In Matthew 6:26, Jesus wants us to learn to trust from the birds: “Look at the birds of the air; they do not sow or reap or store away in barns, and yet your heavenly Father feeds them. Are you not much more valuable than they?” When did you last see a bird worry itself into a nervous breakdown? Most of what happens to us in life is beyond our control, so why do we still struggle to trust God with our life? He is all-knowing and all-powerful—and, best of all, he loves us! I know that some of us struggle because we have an inadequate view of God. I have struggled at times to trust God with my future. At times, I have thought If I trust God with my future, he may ask me to do something difficult, dangerous, or not in my best interest. The clear message of this text is that if God loves and cares for birds—and certainly he does—then he cares much more for us, for we are much more valuable to him.
Jesus also wants us to learn from flowers. Eugene Petersen’s paraphrase can help us understand the lesson Jesus is trying to teach us:
Instead of looking at the fashions, walk out into the fields and look at the wildflowers. They never primp or shop, but have you ever seen color and design quite like it? The ten best-dressed men and women in the country look shabby alongside them. If God gives such attention to the appearance of wildflowers—most of which are never even seen—don’t you think he’ll attend to you, take pride in you, do his best for you? (Matt 6:28–30)
God is saying that if it is his nature to take care of and dress up the flowers—then it is the same for us. Even the output of the best fashion designers in Europe or New York City—the most expensive clothes, even those of the richest man in history, King Solomon, using the brightest dyes and colors—still cannot match the beauty of flowers! If God is trustworthy with birds and flowers, is he not trustworthy with all the details of our lives?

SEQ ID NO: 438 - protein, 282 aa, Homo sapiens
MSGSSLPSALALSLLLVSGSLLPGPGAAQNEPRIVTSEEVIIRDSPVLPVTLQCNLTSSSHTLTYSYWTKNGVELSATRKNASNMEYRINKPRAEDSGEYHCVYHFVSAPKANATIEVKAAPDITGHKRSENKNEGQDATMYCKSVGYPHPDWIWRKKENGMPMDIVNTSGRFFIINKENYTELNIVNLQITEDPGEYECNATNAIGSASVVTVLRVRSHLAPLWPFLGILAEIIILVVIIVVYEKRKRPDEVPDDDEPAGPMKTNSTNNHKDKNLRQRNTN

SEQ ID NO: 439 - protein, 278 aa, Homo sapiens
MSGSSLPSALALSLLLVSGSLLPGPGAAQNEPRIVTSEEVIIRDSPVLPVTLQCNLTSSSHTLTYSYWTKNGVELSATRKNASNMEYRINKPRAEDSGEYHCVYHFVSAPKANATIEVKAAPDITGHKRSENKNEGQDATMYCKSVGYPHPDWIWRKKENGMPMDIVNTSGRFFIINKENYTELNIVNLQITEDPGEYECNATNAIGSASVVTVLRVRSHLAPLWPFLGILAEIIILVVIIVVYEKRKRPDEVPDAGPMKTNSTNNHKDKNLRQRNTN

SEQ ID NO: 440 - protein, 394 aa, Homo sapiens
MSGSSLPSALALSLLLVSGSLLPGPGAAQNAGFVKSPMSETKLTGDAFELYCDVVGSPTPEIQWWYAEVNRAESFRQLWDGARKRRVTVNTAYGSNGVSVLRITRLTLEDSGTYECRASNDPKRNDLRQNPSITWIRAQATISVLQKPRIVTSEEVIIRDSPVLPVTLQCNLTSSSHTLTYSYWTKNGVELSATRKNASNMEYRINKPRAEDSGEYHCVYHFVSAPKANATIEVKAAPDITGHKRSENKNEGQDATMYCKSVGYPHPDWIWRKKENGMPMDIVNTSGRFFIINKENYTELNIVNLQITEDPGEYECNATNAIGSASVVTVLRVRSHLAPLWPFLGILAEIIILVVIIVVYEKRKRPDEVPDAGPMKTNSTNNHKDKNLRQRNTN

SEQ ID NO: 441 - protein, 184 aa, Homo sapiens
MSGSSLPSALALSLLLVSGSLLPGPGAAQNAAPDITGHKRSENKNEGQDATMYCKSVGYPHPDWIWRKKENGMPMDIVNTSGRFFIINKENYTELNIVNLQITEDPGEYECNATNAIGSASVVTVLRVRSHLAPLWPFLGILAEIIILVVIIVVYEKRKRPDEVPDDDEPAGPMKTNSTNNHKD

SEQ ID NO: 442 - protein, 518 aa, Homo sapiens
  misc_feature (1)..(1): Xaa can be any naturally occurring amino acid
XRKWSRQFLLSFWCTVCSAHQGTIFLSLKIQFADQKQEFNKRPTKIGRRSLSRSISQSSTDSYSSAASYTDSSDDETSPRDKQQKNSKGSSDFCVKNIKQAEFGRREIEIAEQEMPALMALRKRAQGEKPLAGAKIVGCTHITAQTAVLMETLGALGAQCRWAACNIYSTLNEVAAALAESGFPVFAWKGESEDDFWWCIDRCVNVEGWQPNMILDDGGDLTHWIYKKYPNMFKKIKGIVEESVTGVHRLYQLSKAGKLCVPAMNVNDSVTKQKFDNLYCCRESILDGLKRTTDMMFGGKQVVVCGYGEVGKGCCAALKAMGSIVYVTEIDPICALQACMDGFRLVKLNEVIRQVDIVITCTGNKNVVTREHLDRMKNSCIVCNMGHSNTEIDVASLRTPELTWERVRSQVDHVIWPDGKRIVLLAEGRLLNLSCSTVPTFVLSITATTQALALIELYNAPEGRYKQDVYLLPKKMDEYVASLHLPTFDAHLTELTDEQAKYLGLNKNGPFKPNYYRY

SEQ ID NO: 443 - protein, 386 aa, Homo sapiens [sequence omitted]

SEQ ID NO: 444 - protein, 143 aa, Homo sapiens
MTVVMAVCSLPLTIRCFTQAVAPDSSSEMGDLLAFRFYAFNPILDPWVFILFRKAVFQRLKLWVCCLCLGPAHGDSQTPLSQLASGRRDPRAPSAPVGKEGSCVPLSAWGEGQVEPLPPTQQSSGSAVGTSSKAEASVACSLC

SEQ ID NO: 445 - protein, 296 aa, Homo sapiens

A college friend of mine named Gary, lived in the same dorm as me and sat on the same bench with me our first couple years of college basketball. His two favorite phrases were “Don’t sweat the small stuff” and “Small potatoes.” Both were his way of saying Stop worrying. God has got this—he is trustworthy. Worry does not have to be connected to circumstances in our life. In the same circumstances, one person can be absolutely at peace yet another worried to death. Worry and peace come not from life circumstances, but from the heart—a heart that doesn’t trust God or a heart that does.
Reflections: What kinds of provisions do you find yourself worrying about—food, clothes, rent money, mortgage, bills, retirement, etc.? Find a way to intentionally, seriously, and consistently look at birds and flowers to remind you of God’s provision and watch care over you.
Look at the birds of the air . . . See how the flowers of the field grow . . .